Going nowhere fast V going somewhere slow


I recently attended an evening at Stroud Brewery. A visit there just to sample the beer and pizza would have been enough to justify the journey as it’s that good and well set up but on this particular evening there was a talk on long distance self supported endurance riding and bike packing.

At the end of the 3 talks there was a Q&A session and amongst the questions was one for which the answer really hit home to me.

The question was “after doing these long distance events what would you do different next time” One of the speakers spoke of taking less than 1.5kg of flap jack and the other less socks but Katherine Moore said the thing she’d do differently is “ride more slowly”

I’ve never been fast even though I’m probably fitter on the bike now than when i was in my twenties but I’ve always looked at my average speed on rides with a bit of disappointment. I work in a bike shop and a lot of the chat with customers revolves around how fast is that, how many watts will it give me, my average speed etc etc so I know many cyclists are obsessed by this, not just the road riders but MTBers too who love to check their time on a downhill segment or try for a KOM on strava or similiar stat based apps.

Katherine said “ride more slowly” and went on to explain that she’d done lots of races in incredible places with dramatic scenery and ridden with riders from all over the world but because she had either been trying to go as fast as she could or needed to finish before a cut off time she hadn’t really taken notice of the scenery or spent time getting to know those interesting people. She said that her goal now was not to worry about the clock and enjoy the ride instead.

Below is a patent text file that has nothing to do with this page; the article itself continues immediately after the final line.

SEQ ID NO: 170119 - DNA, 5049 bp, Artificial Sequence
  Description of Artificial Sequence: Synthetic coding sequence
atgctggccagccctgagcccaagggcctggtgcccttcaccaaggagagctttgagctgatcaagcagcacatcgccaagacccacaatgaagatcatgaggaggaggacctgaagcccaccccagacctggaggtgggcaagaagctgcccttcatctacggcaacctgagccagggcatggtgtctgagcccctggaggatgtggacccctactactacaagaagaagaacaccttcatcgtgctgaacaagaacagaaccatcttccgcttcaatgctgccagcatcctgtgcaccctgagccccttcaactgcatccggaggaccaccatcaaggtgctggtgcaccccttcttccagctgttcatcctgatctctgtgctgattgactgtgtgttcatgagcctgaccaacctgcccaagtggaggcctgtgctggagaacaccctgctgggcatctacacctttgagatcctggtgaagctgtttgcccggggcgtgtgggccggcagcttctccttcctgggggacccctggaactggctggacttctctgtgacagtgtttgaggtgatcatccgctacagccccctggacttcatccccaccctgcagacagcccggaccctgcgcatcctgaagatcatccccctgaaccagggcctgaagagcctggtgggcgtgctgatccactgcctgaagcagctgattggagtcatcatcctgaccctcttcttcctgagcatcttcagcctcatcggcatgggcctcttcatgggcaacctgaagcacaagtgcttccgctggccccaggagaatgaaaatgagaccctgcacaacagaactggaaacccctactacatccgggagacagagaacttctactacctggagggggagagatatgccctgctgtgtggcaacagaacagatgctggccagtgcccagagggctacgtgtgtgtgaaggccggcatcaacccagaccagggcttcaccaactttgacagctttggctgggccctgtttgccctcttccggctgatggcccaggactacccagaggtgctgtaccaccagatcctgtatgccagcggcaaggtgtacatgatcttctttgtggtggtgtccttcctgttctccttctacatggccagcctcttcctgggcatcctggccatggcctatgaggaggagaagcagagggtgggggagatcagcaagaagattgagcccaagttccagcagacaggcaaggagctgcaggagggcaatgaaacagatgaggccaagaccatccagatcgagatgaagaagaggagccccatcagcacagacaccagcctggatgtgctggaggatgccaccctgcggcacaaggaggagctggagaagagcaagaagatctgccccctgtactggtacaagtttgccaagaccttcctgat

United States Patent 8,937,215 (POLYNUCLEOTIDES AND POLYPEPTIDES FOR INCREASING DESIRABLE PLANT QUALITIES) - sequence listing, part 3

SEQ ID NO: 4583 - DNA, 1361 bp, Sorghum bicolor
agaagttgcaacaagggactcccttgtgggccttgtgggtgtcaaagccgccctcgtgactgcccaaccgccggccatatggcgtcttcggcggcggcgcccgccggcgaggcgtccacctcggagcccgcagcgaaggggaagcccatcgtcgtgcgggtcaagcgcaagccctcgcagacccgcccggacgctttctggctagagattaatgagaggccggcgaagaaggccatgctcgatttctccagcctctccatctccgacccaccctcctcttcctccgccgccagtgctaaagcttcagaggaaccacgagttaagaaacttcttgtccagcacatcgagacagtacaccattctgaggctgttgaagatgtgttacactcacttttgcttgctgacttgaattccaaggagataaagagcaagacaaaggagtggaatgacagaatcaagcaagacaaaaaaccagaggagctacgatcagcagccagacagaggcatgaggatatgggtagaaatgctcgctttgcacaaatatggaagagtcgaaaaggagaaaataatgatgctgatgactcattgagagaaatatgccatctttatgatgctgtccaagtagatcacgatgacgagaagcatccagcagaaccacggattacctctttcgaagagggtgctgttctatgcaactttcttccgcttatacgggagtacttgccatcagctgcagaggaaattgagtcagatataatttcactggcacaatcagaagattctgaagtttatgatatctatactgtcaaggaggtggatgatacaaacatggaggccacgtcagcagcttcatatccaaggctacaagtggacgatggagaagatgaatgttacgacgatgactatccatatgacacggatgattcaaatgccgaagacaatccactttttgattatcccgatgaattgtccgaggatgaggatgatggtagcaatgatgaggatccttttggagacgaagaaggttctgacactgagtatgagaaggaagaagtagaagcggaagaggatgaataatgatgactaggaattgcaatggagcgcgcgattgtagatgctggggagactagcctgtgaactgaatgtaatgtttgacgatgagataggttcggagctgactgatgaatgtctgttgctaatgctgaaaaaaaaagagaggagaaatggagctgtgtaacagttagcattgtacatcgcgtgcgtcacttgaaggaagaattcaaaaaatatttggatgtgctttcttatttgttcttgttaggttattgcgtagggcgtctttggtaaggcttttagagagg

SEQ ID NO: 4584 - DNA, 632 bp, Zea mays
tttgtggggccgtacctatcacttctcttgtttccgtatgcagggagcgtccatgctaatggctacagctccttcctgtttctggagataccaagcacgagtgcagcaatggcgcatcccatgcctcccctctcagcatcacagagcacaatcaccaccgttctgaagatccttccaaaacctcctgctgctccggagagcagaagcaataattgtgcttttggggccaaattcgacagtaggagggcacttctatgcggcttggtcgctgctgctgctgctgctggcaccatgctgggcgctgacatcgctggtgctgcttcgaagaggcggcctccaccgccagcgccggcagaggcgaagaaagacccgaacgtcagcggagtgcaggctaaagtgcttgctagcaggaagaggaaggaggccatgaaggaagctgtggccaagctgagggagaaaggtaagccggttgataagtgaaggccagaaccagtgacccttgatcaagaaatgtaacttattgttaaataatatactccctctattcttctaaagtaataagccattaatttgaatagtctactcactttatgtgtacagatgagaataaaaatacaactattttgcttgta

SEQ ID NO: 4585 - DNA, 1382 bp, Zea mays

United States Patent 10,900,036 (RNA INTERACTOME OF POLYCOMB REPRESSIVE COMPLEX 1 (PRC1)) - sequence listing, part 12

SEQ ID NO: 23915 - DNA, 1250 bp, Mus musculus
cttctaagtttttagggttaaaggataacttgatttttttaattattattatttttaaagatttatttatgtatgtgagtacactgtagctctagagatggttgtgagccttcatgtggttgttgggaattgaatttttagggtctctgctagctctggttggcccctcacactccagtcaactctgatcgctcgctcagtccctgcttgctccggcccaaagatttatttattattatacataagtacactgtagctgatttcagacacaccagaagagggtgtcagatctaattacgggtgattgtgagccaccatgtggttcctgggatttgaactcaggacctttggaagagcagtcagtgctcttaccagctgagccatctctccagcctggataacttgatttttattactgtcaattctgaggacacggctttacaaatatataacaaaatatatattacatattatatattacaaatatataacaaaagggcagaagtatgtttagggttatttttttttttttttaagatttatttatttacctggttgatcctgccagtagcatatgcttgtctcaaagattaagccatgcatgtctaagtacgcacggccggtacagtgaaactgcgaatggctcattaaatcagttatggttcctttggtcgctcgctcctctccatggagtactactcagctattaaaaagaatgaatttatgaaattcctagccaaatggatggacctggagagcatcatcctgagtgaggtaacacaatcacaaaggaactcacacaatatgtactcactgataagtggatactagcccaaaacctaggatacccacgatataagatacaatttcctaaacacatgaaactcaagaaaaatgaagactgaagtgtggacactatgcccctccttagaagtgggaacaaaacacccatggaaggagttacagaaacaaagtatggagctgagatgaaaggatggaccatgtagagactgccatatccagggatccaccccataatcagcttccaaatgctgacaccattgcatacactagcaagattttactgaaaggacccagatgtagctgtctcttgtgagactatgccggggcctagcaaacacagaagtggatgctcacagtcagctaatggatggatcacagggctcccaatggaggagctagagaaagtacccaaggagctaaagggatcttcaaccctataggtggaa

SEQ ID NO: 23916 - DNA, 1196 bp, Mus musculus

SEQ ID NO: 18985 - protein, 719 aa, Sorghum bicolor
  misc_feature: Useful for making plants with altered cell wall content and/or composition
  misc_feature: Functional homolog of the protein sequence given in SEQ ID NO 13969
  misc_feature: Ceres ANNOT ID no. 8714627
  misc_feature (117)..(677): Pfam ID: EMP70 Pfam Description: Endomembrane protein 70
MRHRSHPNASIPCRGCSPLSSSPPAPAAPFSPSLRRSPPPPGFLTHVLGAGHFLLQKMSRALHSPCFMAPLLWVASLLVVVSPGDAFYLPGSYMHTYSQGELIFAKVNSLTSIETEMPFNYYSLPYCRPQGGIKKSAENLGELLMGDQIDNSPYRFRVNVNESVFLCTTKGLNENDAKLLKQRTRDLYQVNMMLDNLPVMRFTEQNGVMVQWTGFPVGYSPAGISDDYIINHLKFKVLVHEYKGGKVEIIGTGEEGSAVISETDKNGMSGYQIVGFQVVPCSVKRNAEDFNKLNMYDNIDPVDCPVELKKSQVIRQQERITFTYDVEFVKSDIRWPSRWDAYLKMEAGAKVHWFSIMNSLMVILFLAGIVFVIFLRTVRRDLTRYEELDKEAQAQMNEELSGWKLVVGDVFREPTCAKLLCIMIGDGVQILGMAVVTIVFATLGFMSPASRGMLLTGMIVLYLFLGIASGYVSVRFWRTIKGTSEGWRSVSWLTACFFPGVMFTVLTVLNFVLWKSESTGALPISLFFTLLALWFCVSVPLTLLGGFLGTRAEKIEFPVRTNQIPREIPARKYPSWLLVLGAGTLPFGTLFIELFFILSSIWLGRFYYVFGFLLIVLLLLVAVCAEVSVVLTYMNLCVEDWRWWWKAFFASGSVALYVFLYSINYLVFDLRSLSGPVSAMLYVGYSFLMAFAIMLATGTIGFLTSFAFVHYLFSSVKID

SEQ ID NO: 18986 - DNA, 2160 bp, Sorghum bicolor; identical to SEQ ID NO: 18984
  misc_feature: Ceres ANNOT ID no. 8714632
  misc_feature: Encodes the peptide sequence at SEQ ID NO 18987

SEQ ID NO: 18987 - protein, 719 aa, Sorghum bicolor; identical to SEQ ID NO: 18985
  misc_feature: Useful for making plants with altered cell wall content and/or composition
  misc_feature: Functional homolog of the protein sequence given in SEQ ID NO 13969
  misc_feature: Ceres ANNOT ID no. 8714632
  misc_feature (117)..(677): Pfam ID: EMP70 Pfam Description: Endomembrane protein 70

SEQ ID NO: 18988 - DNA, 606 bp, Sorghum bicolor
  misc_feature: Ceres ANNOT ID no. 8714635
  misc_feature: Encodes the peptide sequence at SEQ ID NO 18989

This was the one thing that stood out for me. I’ve been hashtagging my photos on Instagram UKgravelCO with #lowspeedadventures more to make excuses for the lack of pace but I realise now that going slower and enjoying the ride rather than the performance is the way to go for me. I want to do rides where looking over the hedge at the view is more important than looking at the backside of the rider in front and holding their wheel. I want to ride at a chatting pace and not worry that a checkpoint isn’t going to be reached at an allotted time.

i feel liberated, the pressure is off. it’s time to enjoy the ride rather than the numbers, sit back, relax and just turn the pedals. This just might be a huge turning point in my riding experience. Will it put me off doing “race” based events? maybe, but perhaps this will now give me the impetus and motivation to seek out like minded riders, those who like the idea of no pressure low speed adventures where the actual ride and the people are the focus rather than the minutiae of the stats.

Katherine’s website can be found here and her instagram here

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